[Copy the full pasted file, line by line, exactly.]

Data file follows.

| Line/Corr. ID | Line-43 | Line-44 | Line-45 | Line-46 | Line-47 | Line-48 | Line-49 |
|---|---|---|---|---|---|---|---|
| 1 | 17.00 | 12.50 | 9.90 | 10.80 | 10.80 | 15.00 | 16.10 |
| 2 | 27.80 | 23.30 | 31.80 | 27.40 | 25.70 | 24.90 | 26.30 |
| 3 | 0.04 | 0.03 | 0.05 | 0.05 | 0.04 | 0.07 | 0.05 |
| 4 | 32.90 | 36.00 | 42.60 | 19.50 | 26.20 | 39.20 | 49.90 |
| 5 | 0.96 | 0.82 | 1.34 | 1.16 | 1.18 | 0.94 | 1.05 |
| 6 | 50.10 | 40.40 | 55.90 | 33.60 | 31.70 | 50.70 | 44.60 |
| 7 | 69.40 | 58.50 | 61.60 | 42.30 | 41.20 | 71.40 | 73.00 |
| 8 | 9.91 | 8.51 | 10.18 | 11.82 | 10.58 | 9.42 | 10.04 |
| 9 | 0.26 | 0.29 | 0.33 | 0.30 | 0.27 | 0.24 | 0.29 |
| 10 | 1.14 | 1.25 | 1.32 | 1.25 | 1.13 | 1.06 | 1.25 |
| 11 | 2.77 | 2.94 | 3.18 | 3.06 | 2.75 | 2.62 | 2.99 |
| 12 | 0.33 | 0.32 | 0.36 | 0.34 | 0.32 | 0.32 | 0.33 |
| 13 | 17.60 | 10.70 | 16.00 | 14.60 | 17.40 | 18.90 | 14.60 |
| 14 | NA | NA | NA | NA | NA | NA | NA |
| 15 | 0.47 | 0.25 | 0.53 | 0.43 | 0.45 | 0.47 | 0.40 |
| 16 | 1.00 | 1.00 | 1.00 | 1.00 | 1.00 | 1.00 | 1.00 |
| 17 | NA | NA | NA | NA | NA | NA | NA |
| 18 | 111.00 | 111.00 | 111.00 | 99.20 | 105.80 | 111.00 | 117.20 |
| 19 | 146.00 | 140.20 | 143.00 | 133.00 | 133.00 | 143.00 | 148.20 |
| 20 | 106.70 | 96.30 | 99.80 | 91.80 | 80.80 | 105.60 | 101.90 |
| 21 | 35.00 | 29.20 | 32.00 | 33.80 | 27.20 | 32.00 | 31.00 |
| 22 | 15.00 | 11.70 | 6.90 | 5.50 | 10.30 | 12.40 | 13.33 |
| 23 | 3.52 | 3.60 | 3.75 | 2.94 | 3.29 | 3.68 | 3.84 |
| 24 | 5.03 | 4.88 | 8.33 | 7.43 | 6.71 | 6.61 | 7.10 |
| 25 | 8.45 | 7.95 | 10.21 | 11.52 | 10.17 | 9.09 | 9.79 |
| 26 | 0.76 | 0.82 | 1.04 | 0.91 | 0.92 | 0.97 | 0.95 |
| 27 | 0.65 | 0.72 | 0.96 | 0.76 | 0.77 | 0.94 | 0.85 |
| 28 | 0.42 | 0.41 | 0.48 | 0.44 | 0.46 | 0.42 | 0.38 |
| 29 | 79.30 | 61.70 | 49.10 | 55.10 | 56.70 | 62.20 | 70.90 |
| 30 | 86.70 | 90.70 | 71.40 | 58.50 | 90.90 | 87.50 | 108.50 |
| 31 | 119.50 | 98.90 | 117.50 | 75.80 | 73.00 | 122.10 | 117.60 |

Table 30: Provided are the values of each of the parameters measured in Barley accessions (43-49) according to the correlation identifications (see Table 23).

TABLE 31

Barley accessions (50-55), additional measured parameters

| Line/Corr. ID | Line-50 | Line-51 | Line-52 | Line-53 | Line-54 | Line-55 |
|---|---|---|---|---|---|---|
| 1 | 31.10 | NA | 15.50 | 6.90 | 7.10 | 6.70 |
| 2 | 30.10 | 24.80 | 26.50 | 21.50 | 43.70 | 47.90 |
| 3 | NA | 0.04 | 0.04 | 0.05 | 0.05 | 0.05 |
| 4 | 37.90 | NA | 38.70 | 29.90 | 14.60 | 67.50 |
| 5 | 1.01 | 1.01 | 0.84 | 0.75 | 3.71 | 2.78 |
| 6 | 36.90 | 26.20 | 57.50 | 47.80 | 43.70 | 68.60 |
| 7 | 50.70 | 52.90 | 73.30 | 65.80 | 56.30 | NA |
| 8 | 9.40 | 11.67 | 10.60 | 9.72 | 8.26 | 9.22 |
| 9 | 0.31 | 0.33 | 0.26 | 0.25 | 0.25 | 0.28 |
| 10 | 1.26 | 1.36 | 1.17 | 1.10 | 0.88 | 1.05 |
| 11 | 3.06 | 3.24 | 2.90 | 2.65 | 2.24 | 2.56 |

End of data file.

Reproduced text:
| Line/Corr. ID | Line-43 | Line-44 | Line-45 | Line-46 | Line-47 | Line-48 | Line-49 |
|---|---|---|---|---|---|---|---|
| 1 | 17.00 | 12.50 | 9.90 | 10.80 | 10.80 | 15.00 | 16.10 |
| 2 | 27.80 | 23.30 | 31.80 | 27.40 | 25.70 | 24.90 | 26.30 |
| 3 | 0.04 | 0.03 | 0.05 | 0.05 | 0.04 | 0.07 | 0.05 |
| 4 | 32.90 | 36.00 | 42.60 | 19.50 | 26.20 | 39.20 | 49.90 |
| 5 | 0.96 | 0.82 | 1.34 | 1.16 | 1.18 | 0.94 | 1.05 |
| 6 | 50.10 | 40.40 | 55.90 | 33.60 | 31.70 | 50.70 | 44.60 |
| 7 | 69.40 | 58.50 | 61.60 | 42.30 | 41.20 | 71.40 | 73.00 |
| 8 | 9.91 | 8.51 | 10.18 | 11.82 | 10.58 | 9.42 | 10.04 |
| 9 | 0.26 | 0.29 | 0.33 | 0.30 | 0.27 | 0.24 | 0.29 |
| 10 | 1.14 | 1.25 | 1.32 | 1.25 | 1.13 | 1.06 | 1.25 |
| 11 | 2.77 | 2.94 | 3.18 | 3.06 | 2.75 | 2.62 | 2.99 |
| 12 | 0.33 | 0.32 | 0.36 | 0.34 | 0.32 | 0.32 | 0.33 |
| 13 | 17.60 | 10.70 | 16.00 | 14.60 | 17.40 | 18.90 | 14.60 |
| 14 | NA | NA | NA | NA | NA | NA | NA |
| 15 | 0.47 | 0.25 | 0.53 | 0.43 | 0.45 | 0.47 | 0.40 |
| 16 | 1.00 | 1.00 | 1.00 | 1.00 | 1.00 | 1.00 | 1.00 |
| 17 | NA | NA | NA | NA | NA | NA | NA |
| 18 | 111.00 | 111.00 | 111.00 | 99.20 | 105.80 | 111.00 | 117.20 |
| 19 | 146.00 | 140.20 | 143.00 | 133.00 | 133.00 | 143.00 | 148.20 |
| 20 | 106.70 | 96.30 | 99.80 | 91.80 | 80.80 | 105.60 | 101.90 |
| 21 | 35.00 | 29.20 | 32.00 | 33.80 | 27.20 | 32.00 | 31.00 |
| 22 | 15.00 | 11.70 | 6.90 | 5.50 | 10.30 | 12.40 | 13.33 |
| 23 | 3.52 | 3.60 | 3.75 | 2.94 | 3.29 | 3.68 | 3.84 |
| 24 | 5.03 | 4.88 | 8.33 | 7.43 | 6.71 | 6.61 | 7.10 |
| 25 | 8.45 | 7.95 | 10.21 | 11.52 | 10.17 | 9.09 | 9.79 |
| 26 | 0.76 | 0.82 | 1.04 | 0.91 | 0.92 | 0.97 | 0.95 |
| 27 | 0.65 | 0.72 | 0.96 | 0.76 | 0.77 | 0.94 | 0.85 |
| 28 | 0.42 | 0.41 | 0.48 | 0.44 | 0.46 | 0.42 | 0.38 |
| 29 | 79.30 | 61.70 | 49.10 | 55.10 | 56.70 | 62.20 | 70.90 |
| 30 | 86.70 | 90.70 | 71.40 | 58.50 | 90.90 | 87.50 | 108.50 |
| 31 | 119.50 | 98.90 | 117.50 | 75.80 | 73.00 | 122.10 | 117.60 |

Table 30: Provided are the values of each of the parameters measured in Barley accessions (43-49) according to the correlation identifications (see Table 23).

TABLE 31

Barley accessions (50-55), additional measured parameters

| Line/Corr. ID | Line-50 | Line-51 | Line-52 | Line-53 | Line-54 | Line-55 |
|---|---|---|---|---|---|---|
| 1 | 31.10 | NA | 15.50 | 6.90 | 7.10 | 6.70 |
| 2 | 30.10 | 24.80 | 26.50 | 21.50 | 43.70 | 47.90 |
| 3 | NA | 0.04 | 0.04 | 0.05 | 0.05 | 0.05 |
| 4 | 37.90 | NA | 38.70 | 29.90 | 14.60 | 67.50 |
| 5 | 1.01 | 1.01 | 0.84 | 0.75 | 3.71 | 2.78 |
| 6 | 36.90 | 26.20 | 57.50 | 47.80 | 43.70 | 68.60 |
| 7 | 50.70 | 52.90 | 73.30 | 65.80 | 56.30 | NA |
| 8 | 9.40 | 11.67 | 10.60 | 9.72 | 8.26 | 9.22 |
| 9 | 0.31 | 0.33 | 0.26 | 0.25 | 0.25 | 0.28 |
| 10 | 1.26 | 1.36 | 1.17 | 1.10 | 0.88 | 1.05 |
| 11 | 3.06 | 3.24 | 2.90 | 2.65 | 2.24 | 2.56 |